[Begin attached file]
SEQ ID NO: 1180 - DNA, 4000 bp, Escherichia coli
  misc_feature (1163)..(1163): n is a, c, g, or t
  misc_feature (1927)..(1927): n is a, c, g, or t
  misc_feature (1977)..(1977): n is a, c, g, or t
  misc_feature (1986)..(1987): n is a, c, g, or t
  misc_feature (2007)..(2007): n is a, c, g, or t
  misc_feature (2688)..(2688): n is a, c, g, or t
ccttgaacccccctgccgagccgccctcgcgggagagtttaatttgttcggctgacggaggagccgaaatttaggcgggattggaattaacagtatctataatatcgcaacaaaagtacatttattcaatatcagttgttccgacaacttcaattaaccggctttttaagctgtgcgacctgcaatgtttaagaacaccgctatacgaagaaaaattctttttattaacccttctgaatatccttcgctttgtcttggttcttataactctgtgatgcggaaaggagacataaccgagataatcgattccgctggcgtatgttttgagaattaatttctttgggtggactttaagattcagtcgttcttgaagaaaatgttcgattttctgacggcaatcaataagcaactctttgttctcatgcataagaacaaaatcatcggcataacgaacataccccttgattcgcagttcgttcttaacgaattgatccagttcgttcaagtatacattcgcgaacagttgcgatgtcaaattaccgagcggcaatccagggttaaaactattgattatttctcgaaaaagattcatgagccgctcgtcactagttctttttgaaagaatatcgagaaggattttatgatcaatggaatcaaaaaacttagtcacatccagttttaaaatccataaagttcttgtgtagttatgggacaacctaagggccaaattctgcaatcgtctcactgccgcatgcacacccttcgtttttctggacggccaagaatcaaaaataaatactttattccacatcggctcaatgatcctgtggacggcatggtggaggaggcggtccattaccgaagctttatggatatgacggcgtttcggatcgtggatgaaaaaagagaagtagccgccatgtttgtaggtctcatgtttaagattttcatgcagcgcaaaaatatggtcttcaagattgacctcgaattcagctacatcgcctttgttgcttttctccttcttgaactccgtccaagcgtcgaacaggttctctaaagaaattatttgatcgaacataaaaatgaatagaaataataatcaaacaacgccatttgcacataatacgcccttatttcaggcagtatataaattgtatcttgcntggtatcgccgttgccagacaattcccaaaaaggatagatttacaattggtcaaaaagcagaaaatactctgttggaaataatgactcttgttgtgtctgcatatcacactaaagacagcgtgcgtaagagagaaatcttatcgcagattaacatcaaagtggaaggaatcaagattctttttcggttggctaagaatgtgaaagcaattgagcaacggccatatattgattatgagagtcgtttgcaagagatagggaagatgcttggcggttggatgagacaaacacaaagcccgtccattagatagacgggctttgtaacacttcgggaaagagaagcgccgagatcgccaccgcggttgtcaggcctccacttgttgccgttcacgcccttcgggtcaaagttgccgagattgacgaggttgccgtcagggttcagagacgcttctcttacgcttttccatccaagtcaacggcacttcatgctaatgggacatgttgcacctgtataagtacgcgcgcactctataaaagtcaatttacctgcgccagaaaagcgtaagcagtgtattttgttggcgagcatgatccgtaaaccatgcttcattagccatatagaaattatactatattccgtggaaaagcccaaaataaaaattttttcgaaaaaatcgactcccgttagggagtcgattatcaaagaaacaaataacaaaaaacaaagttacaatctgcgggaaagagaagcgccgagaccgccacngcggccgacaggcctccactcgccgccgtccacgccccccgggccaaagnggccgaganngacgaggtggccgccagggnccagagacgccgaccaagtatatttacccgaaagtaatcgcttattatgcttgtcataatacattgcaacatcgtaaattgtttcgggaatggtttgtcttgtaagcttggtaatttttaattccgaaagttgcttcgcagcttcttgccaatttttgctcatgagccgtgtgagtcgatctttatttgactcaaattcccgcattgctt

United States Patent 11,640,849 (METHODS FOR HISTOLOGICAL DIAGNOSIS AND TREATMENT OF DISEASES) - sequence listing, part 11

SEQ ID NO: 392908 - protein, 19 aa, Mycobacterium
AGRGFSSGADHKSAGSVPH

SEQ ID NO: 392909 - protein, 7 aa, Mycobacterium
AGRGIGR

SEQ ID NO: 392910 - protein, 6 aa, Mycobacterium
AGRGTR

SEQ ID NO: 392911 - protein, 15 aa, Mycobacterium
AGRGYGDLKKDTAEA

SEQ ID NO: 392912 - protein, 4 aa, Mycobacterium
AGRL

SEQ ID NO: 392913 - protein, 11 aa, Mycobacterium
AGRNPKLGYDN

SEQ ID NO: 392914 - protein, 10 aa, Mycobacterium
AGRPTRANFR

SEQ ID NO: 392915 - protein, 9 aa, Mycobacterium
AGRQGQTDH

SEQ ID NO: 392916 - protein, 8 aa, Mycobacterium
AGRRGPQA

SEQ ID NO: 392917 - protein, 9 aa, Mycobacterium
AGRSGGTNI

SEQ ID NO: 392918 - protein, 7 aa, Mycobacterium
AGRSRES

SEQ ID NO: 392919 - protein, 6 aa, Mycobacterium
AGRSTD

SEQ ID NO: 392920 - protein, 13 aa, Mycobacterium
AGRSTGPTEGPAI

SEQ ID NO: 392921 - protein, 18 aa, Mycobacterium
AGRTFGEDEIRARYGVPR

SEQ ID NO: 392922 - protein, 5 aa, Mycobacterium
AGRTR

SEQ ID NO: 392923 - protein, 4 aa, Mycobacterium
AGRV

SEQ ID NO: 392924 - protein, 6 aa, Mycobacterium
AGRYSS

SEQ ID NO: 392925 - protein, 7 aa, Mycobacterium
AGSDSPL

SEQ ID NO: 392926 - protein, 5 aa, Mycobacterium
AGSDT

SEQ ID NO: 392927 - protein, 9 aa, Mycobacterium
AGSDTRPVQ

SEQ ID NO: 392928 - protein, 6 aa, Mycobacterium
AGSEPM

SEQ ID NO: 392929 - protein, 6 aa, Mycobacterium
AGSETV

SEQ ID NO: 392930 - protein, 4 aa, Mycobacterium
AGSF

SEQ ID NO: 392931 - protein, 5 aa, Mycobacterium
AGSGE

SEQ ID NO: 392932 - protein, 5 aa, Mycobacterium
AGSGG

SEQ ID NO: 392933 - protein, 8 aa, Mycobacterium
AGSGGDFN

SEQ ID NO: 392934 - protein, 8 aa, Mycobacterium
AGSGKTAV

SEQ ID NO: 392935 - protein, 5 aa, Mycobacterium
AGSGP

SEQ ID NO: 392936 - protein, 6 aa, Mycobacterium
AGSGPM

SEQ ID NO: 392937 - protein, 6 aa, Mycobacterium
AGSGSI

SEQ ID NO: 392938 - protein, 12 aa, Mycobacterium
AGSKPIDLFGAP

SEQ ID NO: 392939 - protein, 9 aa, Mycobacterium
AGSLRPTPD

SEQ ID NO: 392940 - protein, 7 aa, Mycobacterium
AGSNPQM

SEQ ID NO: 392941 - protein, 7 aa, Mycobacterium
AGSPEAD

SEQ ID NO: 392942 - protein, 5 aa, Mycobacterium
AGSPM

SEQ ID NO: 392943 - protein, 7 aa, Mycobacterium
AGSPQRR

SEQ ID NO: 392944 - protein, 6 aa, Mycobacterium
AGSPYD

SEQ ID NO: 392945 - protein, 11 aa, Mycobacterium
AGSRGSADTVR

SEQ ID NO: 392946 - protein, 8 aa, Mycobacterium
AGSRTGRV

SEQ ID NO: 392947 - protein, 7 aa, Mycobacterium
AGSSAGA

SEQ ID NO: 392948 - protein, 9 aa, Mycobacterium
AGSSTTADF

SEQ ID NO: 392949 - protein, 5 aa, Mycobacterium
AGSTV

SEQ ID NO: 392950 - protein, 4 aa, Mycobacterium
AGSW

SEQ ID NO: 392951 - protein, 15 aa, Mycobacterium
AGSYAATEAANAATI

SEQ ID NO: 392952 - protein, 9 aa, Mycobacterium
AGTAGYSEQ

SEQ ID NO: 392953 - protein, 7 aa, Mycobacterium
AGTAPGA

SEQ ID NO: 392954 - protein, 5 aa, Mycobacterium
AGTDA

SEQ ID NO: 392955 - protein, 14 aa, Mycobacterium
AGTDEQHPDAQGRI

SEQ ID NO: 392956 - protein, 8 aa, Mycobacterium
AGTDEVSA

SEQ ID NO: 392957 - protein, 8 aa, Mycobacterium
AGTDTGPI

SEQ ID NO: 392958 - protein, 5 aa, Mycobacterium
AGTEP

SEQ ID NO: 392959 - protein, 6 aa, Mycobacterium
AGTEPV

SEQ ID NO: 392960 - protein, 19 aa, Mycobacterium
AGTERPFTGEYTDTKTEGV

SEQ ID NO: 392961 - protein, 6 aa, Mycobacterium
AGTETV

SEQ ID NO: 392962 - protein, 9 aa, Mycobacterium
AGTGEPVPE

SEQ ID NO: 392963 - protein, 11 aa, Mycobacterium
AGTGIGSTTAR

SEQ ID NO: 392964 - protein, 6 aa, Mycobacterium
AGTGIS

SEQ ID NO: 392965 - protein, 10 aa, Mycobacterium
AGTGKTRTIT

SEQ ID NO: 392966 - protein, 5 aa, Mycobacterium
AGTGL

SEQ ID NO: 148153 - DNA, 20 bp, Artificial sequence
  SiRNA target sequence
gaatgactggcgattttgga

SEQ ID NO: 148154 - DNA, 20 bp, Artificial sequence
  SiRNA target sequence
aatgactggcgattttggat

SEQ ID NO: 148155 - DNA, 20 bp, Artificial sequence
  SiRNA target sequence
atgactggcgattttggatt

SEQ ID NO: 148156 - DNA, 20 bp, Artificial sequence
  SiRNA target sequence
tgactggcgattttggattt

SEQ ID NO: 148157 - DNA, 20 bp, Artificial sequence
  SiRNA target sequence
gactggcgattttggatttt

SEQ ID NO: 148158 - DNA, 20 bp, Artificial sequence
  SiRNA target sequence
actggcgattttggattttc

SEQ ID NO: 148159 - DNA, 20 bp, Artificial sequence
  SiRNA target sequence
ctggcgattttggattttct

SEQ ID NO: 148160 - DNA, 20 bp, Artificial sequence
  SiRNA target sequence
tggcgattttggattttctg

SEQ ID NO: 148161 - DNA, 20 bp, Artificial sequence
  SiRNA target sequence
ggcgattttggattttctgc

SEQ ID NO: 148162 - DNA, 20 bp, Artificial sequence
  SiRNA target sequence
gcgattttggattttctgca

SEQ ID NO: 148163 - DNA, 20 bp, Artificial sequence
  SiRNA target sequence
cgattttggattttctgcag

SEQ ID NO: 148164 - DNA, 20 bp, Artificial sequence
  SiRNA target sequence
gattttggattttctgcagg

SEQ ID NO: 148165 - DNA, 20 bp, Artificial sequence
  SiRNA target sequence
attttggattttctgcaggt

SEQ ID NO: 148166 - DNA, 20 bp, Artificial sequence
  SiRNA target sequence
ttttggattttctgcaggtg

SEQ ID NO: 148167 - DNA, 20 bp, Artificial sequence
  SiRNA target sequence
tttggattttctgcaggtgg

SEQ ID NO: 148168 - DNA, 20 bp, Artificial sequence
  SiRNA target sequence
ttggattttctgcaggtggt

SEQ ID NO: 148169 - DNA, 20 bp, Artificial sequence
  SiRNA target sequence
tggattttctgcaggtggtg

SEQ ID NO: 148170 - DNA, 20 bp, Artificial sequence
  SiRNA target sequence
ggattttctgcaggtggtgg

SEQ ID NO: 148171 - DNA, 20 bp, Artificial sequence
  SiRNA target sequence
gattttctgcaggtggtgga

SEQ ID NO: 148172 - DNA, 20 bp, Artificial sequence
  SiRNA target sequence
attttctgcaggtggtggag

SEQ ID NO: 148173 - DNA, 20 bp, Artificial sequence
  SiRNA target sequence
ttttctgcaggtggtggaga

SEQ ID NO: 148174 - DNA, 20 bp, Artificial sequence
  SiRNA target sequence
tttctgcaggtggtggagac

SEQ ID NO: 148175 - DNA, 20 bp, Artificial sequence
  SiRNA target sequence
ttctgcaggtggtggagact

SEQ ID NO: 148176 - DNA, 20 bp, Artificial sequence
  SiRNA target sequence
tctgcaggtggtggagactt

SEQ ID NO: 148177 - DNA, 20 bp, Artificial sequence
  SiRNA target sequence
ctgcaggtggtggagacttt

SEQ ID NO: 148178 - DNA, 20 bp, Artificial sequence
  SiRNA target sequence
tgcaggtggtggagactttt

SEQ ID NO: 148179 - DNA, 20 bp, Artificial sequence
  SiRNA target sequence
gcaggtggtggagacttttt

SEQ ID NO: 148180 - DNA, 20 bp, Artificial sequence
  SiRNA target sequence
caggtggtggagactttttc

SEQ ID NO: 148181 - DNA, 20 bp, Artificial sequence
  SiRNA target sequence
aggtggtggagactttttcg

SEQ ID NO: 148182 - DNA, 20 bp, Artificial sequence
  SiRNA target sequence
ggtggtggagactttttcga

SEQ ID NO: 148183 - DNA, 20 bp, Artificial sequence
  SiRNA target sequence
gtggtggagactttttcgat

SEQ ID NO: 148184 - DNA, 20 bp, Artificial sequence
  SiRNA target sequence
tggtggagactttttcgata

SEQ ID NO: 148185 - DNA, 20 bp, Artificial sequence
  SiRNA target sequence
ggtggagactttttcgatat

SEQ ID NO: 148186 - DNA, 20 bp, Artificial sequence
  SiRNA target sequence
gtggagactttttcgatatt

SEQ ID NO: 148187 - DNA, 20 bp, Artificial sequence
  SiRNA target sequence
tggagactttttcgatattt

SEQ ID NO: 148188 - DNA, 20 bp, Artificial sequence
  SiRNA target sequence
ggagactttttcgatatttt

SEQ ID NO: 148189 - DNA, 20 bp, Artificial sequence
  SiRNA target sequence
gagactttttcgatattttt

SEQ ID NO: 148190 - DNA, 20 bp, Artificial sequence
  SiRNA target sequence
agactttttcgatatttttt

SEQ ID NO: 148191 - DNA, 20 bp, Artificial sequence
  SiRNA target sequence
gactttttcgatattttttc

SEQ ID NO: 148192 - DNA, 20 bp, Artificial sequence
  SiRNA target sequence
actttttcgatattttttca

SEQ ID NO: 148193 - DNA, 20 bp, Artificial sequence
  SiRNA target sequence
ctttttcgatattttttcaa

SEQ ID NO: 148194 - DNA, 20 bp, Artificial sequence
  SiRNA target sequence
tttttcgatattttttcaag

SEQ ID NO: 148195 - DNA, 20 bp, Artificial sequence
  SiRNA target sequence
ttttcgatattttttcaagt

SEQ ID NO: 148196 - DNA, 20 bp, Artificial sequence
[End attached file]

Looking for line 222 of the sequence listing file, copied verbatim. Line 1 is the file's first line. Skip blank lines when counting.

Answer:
  SiRNA target sequence